October 20, 2006
Anderson to be installed as president of Foundation
The reporters were standing around the federal court offices, waiting for a big firm lawyer to file an answer to the Pete Rose suit against baseball commissioner Giamatti. Finally, one of the press corps asked, "Isn't it running late?" Well, no. The attorney had been there, filed and left. Vorys Sater Seymour and Pease had sent one of its associates, who walked in and walked out without confrontation. The media wasn't looking for a "girl."
That was Sandra J. Anderson in her early years in the profession, and she told the story at one of the first meetings of the Women in the Law committee, illustrating so well the struggle for recognition women were having even late in the 1980s. She chaired the committee for two years, served on the Columbus Bar board of governors and was elected to the office secretary-treasurer, progressing to becoming the first women president of the Columbus Bar in 1996-97.
Her year in office was also the "year of the zebra," when the Bar Directory featured exotic animals, giraffe and oryx, and Anderson was concerned that her colleagues would think she had exerted her influence, publishing personal art from her recent African camera safari. Actually, the pictures came from the Wilds and the terrain was southeast Ohio.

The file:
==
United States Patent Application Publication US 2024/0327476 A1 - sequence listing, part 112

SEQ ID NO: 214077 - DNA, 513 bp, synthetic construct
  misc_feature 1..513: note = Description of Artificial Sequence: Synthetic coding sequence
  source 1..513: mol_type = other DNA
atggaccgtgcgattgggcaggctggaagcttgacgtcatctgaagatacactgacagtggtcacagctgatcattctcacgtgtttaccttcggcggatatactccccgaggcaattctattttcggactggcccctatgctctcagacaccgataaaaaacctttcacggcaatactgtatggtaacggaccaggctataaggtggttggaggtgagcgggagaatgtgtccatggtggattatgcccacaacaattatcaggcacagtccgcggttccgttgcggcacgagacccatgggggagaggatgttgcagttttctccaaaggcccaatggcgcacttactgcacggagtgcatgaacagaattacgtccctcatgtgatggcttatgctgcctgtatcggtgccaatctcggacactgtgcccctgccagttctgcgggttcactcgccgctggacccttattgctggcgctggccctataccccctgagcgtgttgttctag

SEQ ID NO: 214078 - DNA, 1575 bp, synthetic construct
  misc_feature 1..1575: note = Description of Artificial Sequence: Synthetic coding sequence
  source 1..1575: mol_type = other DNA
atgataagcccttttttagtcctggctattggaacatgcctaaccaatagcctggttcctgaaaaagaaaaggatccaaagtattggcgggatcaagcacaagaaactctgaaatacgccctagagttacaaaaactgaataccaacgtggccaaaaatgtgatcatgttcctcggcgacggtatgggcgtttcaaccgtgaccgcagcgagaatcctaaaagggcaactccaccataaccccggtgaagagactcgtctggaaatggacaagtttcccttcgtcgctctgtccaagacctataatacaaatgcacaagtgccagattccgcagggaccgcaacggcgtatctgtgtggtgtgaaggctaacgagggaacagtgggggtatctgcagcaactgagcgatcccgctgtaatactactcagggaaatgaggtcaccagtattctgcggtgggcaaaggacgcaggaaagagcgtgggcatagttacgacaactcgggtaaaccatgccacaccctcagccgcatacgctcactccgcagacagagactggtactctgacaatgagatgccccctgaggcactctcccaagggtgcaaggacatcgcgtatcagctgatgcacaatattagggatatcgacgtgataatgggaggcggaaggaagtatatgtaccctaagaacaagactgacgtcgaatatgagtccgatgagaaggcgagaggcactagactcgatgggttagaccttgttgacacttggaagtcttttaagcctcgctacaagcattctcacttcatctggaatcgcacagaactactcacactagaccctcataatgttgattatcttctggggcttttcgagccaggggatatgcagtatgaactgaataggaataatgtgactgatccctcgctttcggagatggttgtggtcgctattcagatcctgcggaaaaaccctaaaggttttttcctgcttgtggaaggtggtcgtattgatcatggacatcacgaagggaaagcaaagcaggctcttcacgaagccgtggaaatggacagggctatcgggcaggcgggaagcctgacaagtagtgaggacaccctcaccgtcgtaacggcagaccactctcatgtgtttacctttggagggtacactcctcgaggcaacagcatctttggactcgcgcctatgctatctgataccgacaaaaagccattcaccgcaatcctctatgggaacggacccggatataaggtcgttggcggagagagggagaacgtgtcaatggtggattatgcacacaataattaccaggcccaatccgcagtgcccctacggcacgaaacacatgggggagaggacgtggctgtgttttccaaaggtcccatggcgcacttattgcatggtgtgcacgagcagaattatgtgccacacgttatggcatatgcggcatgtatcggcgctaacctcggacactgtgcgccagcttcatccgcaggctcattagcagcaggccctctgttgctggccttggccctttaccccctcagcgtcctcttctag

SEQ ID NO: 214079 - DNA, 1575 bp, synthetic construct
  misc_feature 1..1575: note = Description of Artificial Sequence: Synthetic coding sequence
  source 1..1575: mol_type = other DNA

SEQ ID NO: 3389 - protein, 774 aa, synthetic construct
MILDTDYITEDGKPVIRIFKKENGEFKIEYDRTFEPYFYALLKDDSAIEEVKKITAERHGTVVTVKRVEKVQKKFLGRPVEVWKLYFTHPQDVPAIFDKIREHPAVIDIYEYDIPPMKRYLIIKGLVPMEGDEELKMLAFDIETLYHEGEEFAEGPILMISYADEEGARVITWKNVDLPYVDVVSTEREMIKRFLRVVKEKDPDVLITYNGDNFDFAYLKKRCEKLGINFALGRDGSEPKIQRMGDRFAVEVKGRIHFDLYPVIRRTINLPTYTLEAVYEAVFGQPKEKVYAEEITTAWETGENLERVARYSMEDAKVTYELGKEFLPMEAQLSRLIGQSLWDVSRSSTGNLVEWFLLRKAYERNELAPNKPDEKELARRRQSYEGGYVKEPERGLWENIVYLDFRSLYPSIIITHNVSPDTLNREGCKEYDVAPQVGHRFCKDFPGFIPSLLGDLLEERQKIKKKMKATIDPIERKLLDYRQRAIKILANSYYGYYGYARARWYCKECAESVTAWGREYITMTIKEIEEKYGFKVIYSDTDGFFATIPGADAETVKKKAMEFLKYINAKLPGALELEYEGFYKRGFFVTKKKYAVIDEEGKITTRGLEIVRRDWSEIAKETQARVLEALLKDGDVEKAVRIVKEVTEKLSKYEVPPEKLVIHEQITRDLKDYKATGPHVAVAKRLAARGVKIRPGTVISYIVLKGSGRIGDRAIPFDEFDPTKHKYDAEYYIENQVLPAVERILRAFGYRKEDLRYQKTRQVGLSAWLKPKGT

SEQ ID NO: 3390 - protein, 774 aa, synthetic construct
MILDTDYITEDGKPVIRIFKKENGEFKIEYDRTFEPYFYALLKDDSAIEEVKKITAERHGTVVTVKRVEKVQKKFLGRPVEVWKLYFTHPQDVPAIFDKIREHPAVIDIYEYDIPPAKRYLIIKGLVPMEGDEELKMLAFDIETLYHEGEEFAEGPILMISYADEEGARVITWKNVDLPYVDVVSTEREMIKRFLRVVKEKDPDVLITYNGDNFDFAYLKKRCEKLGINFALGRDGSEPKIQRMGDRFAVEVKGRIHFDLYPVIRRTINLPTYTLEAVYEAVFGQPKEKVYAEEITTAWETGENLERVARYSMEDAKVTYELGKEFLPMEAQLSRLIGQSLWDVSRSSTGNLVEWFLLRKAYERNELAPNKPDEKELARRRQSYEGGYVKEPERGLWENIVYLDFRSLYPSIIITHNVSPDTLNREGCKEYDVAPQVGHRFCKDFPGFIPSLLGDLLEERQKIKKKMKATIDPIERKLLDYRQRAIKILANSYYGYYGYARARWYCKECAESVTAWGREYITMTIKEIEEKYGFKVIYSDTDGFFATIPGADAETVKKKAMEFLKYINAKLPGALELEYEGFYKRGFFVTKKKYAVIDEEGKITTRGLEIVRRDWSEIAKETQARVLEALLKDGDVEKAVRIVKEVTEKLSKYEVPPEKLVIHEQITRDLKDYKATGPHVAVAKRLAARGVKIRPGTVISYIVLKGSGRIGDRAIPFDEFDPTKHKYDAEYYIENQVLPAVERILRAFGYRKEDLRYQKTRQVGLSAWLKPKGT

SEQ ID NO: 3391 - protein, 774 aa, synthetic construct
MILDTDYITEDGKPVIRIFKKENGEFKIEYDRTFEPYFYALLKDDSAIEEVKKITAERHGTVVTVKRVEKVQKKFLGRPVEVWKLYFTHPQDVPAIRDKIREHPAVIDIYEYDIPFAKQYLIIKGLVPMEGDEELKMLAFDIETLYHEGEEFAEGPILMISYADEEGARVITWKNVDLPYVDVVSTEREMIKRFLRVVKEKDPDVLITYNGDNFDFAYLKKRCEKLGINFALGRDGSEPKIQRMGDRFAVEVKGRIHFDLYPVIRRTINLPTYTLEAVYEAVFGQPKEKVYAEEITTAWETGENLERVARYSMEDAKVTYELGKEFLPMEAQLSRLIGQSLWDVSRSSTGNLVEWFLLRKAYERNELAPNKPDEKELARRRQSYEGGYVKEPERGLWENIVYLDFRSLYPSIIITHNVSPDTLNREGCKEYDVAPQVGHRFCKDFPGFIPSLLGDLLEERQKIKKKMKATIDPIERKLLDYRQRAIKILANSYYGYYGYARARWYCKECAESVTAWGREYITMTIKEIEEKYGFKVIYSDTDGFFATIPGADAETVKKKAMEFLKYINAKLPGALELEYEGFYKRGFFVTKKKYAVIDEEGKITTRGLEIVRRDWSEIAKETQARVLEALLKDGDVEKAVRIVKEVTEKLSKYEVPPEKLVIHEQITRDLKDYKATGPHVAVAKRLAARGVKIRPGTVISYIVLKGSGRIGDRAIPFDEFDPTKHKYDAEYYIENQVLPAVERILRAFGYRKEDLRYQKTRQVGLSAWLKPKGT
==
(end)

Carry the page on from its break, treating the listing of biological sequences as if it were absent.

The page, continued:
The early step to Anderson's distinguished practice, which includes ADR as well as litigation and appeals, was her undergraduate degree in communication from Ohio University. She holds her law degree, magna cum laude, from Northwestern, where she was a member of the Order of the Coif, an editor of the Law Review and a member of the National Moot Court Team. (It is rumored she has an elaborate wardrobe of purple sweater shirts.) Before joining Vorys Sater Seymour and Pease, she served as a law clerk in United States Court of Appeals for the Sixth Circuit. At present, she chairs the Advisory Committee on Local Rules for the U.S. District Court for the Southern District of Ohio and is a member of the Board of Commissioners on Grievances and Discipline for the Supreme Court of Ohio.
Anderson, once again, takes on a leadership role as she is installed president of the Columbus Bar Foundation. Organized in 1950, the Bar Foundation considers grants, initiated with a letter of intent, for programs that further its mission: access to justice, administration of justice, and the training of new lawyers through scholarships and continuing education.